I’m sorry to tell you this, but I think the problem might be you…. You’re too good at what you do. The company revolves around your leadership, your ideas, your decisions – and customers all want to see you and want your expertise and deliverables. That’s great and that’s probably how you managed to get this far – but now the business has grown, and you’re a bit older, you might find that you’re rushing around a bit too much, handling too many emails and calls. You’d like to get at least a little time out so you can think about strategy, look at the longer term, work out what happens when you decide to stand back a bit. You might be thinking about selling the business, so that someone else can take it on to the next level and you can capitalise on what you’ve built. But everyone needs you, all the time! And how can you grow any more when you personally are already feeling maxed out?
The answer lies in hard-wiring or encoding what you do and making it something that others can replicate. Sure, they won’t be as good as you at first, and you’ll be doing lots of QA – but you will start to see others replicating what you’ve been doing, in the way you would want. If you do it right, you’ll probably have an uneasy sense of no longer being central and critical to everything – and to be fair, that’s something you need to consider before you set off down this path. Yes, the business will probably grow; yes, you may be able to step back and gather your thoughts; yes, you could start to get back into golf/cycling or whatever you wish you could do if the phone would stop ringing. But you might start to feel a bit less essential. You may feel you’re stepping off the all-powerful leader’s pedestal. It’s your call. Note that hanging on does bring its own risks though – can you maintain growth and be competitive as the world gets more sophisticated and new disruptive entrants nibble away at what used to be your market and clients? And what will happen when you finally step back – will you just wind it up and lock the doors on the way out? It probably won’t be an attractive acquisition if the heart of the business is all down to you and you’re off to put your feet up.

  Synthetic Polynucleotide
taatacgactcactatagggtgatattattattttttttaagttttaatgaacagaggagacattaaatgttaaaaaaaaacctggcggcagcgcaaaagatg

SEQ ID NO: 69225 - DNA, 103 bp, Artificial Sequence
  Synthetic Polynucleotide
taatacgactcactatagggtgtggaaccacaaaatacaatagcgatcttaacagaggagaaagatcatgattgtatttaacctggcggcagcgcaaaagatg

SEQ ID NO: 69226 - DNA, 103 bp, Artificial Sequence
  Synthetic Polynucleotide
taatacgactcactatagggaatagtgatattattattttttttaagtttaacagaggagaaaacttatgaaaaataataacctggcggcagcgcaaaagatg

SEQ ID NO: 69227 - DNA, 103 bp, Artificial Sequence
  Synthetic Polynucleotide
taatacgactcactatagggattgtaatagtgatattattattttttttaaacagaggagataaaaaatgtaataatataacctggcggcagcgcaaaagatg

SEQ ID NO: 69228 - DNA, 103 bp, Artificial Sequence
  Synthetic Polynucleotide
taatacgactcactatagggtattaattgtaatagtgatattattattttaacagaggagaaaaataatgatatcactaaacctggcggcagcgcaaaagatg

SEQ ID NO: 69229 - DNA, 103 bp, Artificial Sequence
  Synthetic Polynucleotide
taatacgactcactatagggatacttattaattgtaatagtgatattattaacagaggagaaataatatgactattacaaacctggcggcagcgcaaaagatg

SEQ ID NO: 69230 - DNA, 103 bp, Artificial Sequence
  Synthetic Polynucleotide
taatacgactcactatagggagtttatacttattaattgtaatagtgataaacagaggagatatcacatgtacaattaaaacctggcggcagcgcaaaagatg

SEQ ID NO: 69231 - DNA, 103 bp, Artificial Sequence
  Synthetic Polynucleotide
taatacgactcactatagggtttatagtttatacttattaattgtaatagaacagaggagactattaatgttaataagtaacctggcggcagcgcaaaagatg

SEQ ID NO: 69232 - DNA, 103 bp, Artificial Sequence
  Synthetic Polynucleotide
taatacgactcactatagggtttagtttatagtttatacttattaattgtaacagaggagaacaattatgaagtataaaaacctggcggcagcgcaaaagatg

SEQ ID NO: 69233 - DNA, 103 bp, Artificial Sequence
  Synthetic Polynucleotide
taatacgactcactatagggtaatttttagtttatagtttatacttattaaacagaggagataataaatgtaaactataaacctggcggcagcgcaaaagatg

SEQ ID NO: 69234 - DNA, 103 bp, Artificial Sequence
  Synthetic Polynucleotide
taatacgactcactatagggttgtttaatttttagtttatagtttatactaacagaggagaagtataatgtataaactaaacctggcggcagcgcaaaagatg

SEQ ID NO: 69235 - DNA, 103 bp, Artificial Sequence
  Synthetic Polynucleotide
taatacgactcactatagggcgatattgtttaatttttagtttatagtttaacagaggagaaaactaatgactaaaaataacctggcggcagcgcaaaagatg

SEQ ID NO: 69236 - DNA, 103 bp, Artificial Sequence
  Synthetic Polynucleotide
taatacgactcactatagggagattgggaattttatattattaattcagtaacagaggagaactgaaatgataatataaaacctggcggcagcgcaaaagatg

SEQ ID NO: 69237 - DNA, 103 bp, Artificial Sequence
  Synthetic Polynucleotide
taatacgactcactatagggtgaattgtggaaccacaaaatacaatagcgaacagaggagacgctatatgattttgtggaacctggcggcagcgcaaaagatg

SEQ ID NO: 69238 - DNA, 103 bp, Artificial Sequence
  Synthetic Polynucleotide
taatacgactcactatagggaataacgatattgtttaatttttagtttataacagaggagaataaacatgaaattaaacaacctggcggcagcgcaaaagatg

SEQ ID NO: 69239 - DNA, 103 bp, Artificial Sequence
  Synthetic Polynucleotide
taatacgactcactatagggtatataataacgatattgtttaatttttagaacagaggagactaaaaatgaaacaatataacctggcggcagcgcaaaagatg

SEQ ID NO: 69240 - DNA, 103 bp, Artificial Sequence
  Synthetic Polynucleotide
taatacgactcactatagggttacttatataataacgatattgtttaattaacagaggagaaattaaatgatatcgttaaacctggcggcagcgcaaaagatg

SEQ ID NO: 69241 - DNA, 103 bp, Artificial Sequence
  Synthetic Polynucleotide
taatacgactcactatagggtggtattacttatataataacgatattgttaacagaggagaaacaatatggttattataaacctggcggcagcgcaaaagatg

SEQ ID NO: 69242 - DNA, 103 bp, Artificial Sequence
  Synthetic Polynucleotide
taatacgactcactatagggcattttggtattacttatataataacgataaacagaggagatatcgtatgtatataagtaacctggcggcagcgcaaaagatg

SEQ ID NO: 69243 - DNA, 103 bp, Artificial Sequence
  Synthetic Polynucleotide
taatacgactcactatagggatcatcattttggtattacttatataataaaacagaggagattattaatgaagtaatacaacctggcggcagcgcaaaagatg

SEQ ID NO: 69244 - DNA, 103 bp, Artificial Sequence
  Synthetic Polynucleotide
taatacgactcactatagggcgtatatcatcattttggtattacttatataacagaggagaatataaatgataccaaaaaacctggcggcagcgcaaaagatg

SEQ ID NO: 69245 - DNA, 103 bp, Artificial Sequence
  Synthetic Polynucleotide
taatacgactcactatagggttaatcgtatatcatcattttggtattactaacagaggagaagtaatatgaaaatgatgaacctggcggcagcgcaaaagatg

If you do decide to hard-wire what you do, then may I share some pointers based on my experience in my own business, and based on what I see in organisations I’ve worked with?
1. Be clear and precise on what your business does, as that’s what you’ll need to hard-wire
2. Plan time to document what you do, your processes, the things that you personally do that make customers want you there doing what you do. This isn’t the same as your wider finance, HR, supply etc business processes
3. Tell everyone that’s what you’re doing and why – which may be to have time to plan future strategy, to work less hard, or to accelerate scale and growth
4. Teach and mentor those who will be delivering on your behalf. Monitor, feedback, support. And enhance the model with their great ideas at every opportunity
5. Be single minded about following the model. Do not let people do their own thing! Consistent adoption is vital – and needs lots of effort and motivation (lots of carrot and hopefully little stick). STICK TO IT
It’s not easy, but it is so important and makes such a difference! If I can help you to do this, or be your voice of accountability, then please just get in touch.